From the Trade Paperback edition.
Lt. Col. Nugent Courvoisie, known to the cadets as “the Boo,” is an imposing and inspiring leader at the South Carolina military academy, the Citadel. A harsh disciplinarian but a compassionate mentor, he guides and inspires his young charges.
Cadet Peter Cates is an anomaly. He is a gifted writer, a talented basketball player, and a good student, but his outward successes do little to impress his abusive father. The Boo takes Cates under his wing, but their bond is threatened when they’re forced to confront an act of violence on campus.
Drawn from Pat Conroy’s own experiences as a student at the Citadel, The Boo is an unforgettable story about duty, loyalty, and standing up for what is right in the face of overwhelming circumstances.
Leopold Bloom King has been raised in a family shattered—and shadowed—by tragedy. Lonely and adrift, he searches for something to sustain him and finds it among a tightly knit group of outsiders. Surviving marriages happy and troubled, unrequited loves and unspoken longings, hard-won successes and devastating breakdowns, as well as Charleston, South Carolina’s dark legacy of racism and class divisions, these friends will endure until a final test forces them to face something none of them are prepared for.
Spanning two turbulent decades, South of Broad is Pat Conroy at his finest: a masterpiece from a great American writer whose passion for life and language knows no bounds.
Praise for South of Broad
“Vintage Pat Conroy . . . a big sweeping novel of friendship and marriage.”—The Washington Post
“Conroy remains a magician of the page.”—The New York Times Book Review
“Richly imagined . . . These characters are gallant in the grand old-fashioned sense, devoted to one another and to home. That siren song of place has never sounded so sweet.”—New Orleans Times-Picayune
“A lavish, no-holds-barred performance.”—The Atlanta Journal-Constitution
“A lovely, often thrilling story.”—The Dallas Morning News
“A pleasure to read . . . a must for Conroy’s fans.”—Associated Press
From the Hardcover edition.
A Southerner living abroad, Jack McCall is scarred by tragedy and betrayal. His desperate desire to find peace after his wife’s suicide draws him into a painful, intimate search for the one haunting secret in his family’s past that can heal his anguished heart. Spanning three generations and two continents, from the contemporary ruins of the American South to the ancient ruins of Rome, from the unutterable horrors of the Holocaust to the lingering trauma of Vietnam, Beach Music sings with life’s pain and glory. It is a novel of lyric intensity and searing truth, another masterpiece among Pat Conroy’s legendary and beloved novels.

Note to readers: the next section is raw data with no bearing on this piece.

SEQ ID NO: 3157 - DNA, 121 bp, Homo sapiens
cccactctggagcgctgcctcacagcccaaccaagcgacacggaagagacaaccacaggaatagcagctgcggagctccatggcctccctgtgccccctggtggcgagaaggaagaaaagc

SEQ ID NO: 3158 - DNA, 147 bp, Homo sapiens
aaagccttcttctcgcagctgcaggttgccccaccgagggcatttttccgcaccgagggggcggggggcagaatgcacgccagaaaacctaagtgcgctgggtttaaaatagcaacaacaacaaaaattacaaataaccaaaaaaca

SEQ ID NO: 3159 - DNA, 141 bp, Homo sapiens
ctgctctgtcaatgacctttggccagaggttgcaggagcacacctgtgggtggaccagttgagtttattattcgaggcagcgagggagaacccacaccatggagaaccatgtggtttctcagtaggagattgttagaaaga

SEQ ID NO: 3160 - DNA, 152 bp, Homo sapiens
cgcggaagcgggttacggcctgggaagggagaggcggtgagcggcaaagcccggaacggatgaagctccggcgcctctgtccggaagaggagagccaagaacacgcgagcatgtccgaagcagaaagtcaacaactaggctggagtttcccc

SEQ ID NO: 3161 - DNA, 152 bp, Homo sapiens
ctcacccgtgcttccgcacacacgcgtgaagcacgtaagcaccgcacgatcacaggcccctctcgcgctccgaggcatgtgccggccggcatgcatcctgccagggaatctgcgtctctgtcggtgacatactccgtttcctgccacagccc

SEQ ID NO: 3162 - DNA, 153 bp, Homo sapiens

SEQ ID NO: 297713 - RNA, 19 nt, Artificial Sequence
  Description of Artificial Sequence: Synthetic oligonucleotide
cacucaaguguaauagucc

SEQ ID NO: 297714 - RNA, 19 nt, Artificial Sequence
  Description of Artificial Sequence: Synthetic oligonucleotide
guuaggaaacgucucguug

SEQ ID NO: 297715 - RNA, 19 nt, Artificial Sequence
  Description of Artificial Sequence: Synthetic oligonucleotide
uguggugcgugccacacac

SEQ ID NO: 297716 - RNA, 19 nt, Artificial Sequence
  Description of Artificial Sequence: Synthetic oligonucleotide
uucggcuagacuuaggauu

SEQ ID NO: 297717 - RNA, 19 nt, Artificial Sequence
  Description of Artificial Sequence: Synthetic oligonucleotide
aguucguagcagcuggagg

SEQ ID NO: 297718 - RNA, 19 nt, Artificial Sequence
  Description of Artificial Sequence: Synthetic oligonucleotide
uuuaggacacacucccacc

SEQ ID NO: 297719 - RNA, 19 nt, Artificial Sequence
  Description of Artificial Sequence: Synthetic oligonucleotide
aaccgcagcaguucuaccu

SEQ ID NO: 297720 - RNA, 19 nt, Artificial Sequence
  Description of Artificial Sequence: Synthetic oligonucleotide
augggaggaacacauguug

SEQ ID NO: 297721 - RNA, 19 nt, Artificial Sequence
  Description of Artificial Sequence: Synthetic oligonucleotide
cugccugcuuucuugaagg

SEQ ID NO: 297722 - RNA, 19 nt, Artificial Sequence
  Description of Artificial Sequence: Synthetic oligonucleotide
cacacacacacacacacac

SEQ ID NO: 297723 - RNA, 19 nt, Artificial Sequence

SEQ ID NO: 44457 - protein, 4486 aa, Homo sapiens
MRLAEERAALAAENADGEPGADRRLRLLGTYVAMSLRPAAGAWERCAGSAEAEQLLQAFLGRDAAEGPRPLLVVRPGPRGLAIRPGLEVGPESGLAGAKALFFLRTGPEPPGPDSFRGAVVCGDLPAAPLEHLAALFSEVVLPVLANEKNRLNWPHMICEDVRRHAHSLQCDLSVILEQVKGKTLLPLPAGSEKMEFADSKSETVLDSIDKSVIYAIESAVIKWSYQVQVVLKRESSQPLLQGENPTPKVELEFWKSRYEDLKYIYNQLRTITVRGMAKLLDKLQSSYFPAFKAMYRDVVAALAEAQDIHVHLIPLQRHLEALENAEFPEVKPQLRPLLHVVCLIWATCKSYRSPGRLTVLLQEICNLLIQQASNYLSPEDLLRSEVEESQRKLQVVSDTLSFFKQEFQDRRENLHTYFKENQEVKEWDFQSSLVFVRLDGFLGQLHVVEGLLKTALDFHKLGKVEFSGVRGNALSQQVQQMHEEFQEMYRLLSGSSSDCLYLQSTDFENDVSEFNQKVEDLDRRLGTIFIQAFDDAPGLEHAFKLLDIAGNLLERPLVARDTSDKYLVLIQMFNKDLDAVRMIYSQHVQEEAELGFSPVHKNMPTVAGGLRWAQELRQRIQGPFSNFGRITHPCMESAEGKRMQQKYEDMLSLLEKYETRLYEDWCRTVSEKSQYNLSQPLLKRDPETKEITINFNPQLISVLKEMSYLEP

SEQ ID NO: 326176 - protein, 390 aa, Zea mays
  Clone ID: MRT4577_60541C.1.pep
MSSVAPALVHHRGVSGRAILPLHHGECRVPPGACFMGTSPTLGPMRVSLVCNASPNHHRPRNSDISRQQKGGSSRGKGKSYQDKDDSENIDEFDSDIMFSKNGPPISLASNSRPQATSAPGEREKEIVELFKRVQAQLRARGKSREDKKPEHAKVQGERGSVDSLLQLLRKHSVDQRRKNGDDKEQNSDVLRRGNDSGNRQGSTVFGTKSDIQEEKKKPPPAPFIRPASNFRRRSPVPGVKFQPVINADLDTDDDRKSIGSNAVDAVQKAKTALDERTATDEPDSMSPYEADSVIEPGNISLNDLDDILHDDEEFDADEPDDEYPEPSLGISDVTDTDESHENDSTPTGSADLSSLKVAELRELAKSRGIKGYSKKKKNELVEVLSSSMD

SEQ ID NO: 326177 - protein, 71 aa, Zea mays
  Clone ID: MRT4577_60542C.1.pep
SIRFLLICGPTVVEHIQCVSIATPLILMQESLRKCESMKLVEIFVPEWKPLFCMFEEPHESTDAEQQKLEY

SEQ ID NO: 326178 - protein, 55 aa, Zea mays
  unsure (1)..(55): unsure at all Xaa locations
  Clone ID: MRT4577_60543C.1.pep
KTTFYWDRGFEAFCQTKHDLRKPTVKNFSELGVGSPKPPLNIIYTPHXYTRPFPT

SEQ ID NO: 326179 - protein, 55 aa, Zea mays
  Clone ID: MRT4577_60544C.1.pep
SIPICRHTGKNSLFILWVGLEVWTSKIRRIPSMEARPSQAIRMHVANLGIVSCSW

Praise for Beach Music
“Astonishing . . . stunning . . . The range of passions and subjects that bring life to every page is almost endless.”—The Washington Post Book World
“Magnificent . . . clearly Conroy’s best.”—San Francisco Chronicle
“Blockbuster writing at its best.”—Los Angeles Times Book Review
“Pat Conroy’s writing contains a virtue now rare in most contemporary fiction: passion.”—The Denver Post
“A powerful, heartfelt tale.”—Houston Chronicle
From the Hardcover edition.
In this groundbreaking collection, writers from around the world address issues of language acquisition and identity formation, childhood mobility and adaptation, memory and grief, and the artist’s struggle to articulate the experience of growing up global. And, woven like a thread through the entire collection, runs the individual’s search for belonging and a place called “home.”
This book provides a major leap in understanding what it’s like to grow up among worlds. It is invaluable reading for the new global age.
Whether you’re mastering a greeting in ten different languages, throwing an internationally themed birthday party, or celebrating a newfound holiday, Growing Up Global provides parents and children with a rich, exciting background for exploring and connecting with far-flung nations they may have only heard about on television. Inside you’ll discover
• fun activities, games, and suggestions for movies, music, books, magazines, service activities, and websites for expanding your family’s worldview
• simple explanations that will help your children grasp the diversity of world faiths
• creative ways to gain geography literacy
• handy lists of celebrations and customs that offer a fascinating look at how people from different cultures around the world live everyday life
Growing Up Global is a book that parents, grandparents, and teachers can turn to again and again for inspiration and motivation as they strive to open the minds of children everywhere.
From the Trade Paperback edition.